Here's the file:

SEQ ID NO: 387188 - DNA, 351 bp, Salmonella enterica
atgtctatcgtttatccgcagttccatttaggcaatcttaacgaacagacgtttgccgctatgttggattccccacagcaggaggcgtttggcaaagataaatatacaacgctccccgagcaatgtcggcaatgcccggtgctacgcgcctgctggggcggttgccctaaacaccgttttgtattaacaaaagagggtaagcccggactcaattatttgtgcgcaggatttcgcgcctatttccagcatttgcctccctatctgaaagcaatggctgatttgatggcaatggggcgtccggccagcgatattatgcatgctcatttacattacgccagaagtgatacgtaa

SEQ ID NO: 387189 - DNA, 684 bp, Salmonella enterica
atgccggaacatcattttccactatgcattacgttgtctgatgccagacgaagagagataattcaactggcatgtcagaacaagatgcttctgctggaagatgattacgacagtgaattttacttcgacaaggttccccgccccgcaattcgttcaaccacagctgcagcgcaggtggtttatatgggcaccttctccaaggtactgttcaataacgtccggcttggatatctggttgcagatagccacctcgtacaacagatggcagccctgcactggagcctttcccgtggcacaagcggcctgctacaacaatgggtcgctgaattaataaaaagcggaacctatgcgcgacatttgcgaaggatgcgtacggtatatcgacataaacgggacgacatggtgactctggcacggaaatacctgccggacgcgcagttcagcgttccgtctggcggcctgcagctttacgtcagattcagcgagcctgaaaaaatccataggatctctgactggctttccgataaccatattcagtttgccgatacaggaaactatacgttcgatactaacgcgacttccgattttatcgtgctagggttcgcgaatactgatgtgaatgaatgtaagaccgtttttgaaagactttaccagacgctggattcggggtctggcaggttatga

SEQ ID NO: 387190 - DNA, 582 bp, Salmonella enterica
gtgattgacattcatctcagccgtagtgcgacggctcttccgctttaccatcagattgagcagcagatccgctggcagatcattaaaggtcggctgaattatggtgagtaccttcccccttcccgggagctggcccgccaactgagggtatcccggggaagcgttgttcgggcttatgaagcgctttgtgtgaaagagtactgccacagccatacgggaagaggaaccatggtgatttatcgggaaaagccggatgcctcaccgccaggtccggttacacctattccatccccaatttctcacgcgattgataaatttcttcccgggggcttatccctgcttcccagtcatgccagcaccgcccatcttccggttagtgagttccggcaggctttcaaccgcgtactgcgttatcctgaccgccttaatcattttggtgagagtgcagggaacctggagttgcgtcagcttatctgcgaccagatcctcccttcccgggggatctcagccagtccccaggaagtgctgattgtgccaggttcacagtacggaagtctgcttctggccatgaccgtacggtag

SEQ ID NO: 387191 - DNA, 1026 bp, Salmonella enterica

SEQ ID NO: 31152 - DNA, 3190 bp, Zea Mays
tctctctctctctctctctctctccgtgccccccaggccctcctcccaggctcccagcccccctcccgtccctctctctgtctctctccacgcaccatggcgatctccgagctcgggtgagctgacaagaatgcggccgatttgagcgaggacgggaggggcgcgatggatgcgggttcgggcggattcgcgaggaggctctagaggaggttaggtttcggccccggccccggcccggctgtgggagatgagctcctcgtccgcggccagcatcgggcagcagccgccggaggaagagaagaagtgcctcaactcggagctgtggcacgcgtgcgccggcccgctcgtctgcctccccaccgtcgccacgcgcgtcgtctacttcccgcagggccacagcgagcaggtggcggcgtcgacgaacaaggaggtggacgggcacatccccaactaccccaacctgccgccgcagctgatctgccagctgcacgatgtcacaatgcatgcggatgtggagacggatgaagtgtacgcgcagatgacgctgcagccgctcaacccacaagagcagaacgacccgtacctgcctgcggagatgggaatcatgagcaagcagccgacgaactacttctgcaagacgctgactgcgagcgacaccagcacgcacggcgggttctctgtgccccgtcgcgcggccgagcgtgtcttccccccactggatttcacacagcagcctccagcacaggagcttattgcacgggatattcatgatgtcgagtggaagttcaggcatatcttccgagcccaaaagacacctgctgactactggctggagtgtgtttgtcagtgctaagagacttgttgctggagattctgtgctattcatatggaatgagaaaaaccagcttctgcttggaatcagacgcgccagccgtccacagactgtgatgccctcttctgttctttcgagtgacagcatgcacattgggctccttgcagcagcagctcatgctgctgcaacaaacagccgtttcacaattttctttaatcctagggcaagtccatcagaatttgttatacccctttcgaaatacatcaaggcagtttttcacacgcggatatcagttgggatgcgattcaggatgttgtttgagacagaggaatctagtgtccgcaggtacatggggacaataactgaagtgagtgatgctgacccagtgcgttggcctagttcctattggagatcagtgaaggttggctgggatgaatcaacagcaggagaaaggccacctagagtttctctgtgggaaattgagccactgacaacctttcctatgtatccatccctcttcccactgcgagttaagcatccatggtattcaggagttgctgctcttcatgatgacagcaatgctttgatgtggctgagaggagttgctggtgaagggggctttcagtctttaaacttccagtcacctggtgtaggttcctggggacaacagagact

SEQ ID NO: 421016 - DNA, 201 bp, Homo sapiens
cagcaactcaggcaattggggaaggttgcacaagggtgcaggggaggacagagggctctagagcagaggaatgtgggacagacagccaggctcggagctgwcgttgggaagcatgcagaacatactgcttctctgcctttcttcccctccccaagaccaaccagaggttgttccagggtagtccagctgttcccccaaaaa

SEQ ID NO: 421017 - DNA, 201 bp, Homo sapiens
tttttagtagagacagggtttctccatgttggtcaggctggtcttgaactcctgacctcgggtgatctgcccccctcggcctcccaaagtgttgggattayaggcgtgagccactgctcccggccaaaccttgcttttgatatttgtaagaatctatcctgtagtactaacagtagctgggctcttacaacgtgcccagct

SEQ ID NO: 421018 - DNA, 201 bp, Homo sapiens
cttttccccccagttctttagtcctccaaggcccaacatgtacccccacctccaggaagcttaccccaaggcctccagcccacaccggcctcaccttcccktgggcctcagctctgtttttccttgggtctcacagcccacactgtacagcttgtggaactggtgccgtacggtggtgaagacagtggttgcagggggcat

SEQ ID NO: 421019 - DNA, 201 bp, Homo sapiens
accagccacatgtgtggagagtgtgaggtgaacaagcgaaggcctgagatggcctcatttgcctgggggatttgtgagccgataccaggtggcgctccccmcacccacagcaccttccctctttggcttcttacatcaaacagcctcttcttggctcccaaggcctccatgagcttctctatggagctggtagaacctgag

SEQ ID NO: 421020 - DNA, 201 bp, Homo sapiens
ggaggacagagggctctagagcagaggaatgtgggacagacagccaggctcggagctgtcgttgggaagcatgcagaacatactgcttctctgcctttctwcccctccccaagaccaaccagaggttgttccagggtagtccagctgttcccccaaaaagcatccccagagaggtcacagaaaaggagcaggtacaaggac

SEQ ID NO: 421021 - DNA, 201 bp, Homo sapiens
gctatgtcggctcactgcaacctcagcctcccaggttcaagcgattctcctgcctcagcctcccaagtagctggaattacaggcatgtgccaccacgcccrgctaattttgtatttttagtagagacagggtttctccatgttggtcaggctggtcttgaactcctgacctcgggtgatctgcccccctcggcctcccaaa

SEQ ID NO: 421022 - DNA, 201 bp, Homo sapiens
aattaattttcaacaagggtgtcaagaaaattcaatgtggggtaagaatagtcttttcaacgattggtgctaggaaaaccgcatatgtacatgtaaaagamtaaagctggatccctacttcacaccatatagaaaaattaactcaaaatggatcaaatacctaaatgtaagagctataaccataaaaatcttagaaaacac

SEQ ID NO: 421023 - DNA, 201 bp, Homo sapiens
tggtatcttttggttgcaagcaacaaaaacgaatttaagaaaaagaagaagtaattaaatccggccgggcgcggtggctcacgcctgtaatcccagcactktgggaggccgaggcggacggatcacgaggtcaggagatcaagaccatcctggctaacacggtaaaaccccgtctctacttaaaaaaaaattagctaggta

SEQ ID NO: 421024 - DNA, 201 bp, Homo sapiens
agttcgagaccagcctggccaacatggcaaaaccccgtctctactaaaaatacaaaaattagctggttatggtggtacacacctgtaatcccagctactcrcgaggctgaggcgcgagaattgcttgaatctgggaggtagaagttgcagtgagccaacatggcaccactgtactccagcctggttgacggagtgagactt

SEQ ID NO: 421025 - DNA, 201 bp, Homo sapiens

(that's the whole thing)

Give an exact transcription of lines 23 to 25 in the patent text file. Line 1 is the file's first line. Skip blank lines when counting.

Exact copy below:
aattaattttcaacaagggtgtcaagaaaattcaatgtggggtaagaatagtcttttcaacgattggtgctaggaaaaccgcatatgtacatgtaaaagamtaaagctggatccctacttcacaccatatagaaaaattaactcaaaatggatcaaatacctaaatgtaagagctataaccataaaaatcttagaaaacac

SEQ ID NO: 421023 - DNA, 201 bp, Homo sapiens
tggtatcttttggttgcaagcaacaaaaacgaatttaagaaaaagaagaagtaattaaatccggccgggcgcggtggctcacgcctgtaatcccagcactktgggaggccgaggcggacggatcacgaggtcaggagatcaagaccatcctggctaacacggtaaaaccccgtctctacttaaaaaaaaattagctaggta